— —, September 20 ; Suthampton. (Rough copy of letter) W. Clerk, Mair of Suthampton, to the Bishop of . . . . . Ihs. Righte Worshipfull and Reverend Fader in God and my moste especial good lord I recommaunde me unto your goode Lordship. Plesyng yor goode lordship that by force of a preve seal fro the Kyng our Soverayn Lorde to me late dyrected among other, I have arrested a carak of Jene leying with yn the porte and Fraunchise of the towne of Suthampton, and heve a londe the . . . . of the same Carrak as principal leyinge ther yn fore as moche as the patron of the said carak wasse absent in Flaunders. And not withstondying that they permytted me faithfulli to obbey and abode the seide arrest, accordyng to the Kynges our Soverayn lordes commaundement, and to weye none anker yn no wise, they have sethyn presomptuosli don the outrage, and abalid them utter, proposyng to myn understondying to have departid forthwith yf the wynde and wedder wolde have servyd them, disobeyeng the commaundement of our seid sovreyn Lorde. After which tyme with suche . .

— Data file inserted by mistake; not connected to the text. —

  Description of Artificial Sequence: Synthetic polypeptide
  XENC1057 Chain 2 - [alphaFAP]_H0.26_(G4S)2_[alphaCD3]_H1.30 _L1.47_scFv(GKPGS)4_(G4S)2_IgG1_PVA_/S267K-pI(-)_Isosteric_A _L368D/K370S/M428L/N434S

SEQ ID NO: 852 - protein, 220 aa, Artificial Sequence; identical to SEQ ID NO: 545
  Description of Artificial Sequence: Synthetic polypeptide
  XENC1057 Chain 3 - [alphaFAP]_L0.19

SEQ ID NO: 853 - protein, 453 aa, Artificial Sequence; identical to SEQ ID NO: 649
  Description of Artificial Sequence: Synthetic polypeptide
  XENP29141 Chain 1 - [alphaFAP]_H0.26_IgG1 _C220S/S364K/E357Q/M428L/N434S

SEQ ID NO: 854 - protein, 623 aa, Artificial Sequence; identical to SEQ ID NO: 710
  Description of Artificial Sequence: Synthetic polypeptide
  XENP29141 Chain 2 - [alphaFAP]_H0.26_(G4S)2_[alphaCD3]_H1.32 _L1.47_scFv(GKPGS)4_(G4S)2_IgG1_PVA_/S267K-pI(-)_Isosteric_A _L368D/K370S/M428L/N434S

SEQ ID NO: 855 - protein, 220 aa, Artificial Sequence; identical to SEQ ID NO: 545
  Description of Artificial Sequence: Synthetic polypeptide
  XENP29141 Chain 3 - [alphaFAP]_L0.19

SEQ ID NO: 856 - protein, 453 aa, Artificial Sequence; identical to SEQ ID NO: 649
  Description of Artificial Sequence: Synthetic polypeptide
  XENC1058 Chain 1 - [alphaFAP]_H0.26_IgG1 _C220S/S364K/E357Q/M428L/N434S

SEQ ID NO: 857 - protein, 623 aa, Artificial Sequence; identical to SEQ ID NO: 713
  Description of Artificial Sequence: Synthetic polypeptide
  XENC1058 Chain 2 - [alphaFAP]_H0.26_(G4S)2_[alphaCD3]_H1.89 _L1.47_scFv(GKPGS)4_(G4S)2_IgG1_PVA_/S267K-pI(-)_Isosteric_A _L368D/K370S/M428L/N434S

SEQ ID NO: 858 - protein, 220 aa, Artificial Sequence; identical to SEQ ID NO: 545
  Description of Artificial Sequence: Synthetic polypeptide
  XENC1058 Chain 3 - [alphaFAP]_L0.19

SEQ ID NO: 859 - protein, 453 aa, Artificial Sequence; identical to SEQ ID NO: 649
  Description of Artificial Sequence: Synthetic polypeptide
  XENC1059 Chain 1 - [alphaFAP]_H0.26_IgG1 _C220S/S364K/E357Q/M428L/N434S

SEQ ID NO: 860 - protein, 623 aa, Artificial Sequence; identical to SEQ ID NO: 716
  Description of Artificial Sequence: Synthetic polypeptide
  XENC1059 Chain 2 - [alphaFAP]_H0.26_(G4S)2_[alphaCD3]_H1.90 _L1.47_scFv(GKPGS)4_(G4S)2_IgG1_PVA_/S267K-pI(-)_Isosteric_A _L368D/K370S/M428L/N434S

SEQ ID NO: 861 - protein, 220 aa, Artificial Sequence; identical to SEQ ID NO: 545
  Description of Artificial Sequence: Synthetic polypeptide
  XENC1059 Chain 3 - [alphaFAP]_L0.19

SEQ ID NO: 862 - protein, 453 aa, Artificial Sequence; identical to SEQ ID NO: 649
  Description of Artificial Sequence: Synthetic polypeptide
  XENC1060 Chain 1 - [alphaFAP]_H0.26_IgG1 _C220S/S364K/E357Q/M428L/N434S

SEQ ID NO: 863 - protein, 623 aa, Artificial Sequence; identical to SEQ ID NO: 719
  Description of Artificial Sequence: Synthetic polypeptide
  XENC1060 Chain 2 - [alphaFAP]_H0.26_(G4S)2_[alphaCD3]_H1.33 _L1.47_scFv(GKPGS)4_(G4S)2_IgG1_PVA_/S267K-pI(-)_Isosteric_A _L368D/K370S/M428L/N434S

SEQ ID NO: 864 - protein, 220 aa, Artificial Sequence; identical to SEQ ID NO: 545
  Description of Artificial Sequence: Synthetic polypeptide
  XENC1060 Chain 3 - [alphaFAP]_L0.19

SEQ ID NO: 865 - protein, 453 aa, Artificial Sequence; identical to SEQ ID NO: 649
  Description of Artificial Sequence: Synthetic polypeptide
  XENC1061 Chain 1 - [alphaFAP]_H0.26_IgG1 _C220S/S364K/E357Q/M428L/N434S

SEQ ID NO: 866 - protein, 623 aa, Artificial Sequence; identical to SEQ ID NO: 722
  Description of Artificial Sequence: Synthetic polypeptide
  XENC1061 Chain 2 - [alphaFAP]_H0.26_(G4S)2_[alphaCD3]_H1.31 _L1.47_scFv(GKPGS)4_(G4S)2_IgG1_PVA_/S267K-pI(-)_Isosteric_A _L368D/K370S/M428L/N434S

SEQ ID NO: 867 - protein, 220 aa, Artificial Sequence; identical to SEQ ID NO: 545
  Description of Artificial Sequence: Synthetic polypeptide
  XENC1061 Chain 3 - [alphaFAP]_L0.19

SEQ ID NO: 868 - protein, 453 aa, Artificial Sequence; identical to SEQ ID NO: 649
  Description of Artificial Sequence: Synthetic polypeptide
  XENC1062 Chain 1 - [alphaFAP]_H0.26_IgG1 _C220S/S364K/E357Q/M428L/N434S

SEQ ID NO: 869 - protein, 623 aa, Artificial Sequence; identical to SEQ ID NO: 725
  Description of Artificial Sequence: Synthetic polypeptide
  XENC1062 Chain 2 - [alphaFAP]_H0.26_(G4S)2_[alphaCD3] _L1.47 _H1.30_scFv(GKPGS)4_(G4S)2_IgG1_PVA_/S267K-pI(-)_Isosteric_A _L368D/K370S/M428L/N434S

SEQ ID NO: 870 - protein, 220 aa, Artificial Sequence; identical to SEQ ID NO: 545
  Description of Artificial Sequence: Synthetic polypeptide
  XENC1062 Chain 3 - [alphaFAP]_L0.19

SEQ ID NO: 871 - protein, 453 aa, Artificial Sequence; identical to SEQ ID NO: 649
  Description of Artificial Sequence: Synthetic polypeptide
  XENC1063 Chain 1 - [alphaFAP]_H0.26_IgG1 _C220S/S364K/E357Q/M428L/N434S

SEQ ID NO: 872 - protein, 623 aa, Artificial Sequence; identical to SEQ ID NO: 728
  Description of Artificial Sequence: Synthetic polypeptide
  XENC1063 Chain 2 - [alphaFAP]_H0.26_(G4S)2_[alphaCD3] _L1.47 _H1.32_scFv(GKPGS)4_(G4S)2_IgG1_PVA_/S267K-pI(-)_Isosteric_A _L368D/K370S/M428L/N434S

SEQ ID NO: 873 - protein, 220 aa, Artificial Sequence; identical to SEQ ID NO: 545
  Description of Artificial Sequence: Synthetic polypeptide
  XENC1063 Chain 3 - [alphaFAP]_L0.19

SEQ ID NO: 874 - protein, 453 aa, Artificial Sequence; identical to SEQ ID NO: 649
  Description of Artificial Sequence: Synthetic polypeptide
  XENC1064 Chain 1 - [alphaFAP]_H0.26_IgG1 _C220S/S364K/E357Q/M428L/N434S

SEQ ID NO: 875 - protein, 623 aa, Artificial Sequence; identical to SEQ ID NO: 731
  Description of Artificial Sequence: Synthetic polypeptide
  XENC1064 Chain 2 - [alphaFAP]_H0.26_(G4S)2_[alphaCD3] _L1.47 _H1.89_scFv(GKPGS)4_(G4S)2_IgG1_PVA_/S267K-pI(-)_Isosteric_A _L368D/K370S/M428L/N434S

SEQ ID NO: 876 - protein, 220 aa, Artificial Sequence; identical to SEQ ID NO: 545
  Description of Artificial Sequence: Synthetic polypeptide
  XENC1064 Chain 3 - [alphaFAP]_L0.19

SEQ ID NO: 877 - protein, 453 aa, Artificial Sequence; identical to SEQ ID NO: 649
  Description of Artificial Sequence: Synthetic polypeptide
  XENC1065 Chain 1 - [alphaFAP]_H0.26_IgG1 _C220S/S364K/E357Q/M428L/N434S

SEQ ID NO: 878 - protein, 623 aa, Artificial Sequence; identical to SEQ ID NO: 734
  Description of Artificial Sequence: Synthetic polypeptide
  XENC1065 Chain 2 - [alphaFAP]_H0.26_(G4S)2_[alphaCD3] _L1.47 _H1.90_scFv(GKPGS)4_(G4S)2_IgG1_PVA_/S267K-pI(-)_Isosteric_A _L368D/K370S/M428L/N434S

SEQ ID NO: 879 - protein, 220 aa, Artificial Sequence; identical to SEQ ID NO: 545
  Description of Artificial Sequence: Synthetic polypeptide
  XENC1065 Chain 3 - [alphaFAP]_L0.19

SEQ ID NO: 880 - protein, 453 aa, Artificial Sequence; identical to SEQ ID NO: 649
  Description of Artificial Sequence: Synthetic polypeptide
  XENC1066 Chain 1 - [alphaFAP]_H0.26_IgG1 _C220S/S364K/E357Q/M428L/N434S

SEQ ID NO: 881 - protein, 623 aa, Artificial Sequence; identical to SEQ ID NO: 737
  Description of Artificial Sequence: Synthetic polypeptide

. . and power as I had and myght I did entrete them and wolde have taken the pylot leying in the same carak alonde and other of their apparell, which sholde nedis have caused them to have beeyn yn case that I myght ther yn have had my purpose, And they yn no wise wolde suffer me so to do, so that other wise I may not do, but yf I and othir sholde put our lyffes in jepardie and lose them for nought. Wherfore hit may plese your good lordship the premysses considrd a remedy to be provyded to the honor and observyng of the commaundement of our seide Soverayn Lorde the Kynge yn this be halfe. And the blessid Trinite preserve you ever after your hertes desir. Wreten at Suth' the xx day of September. Your servaunt and bedman, W. Clerk, Mair of Suth'.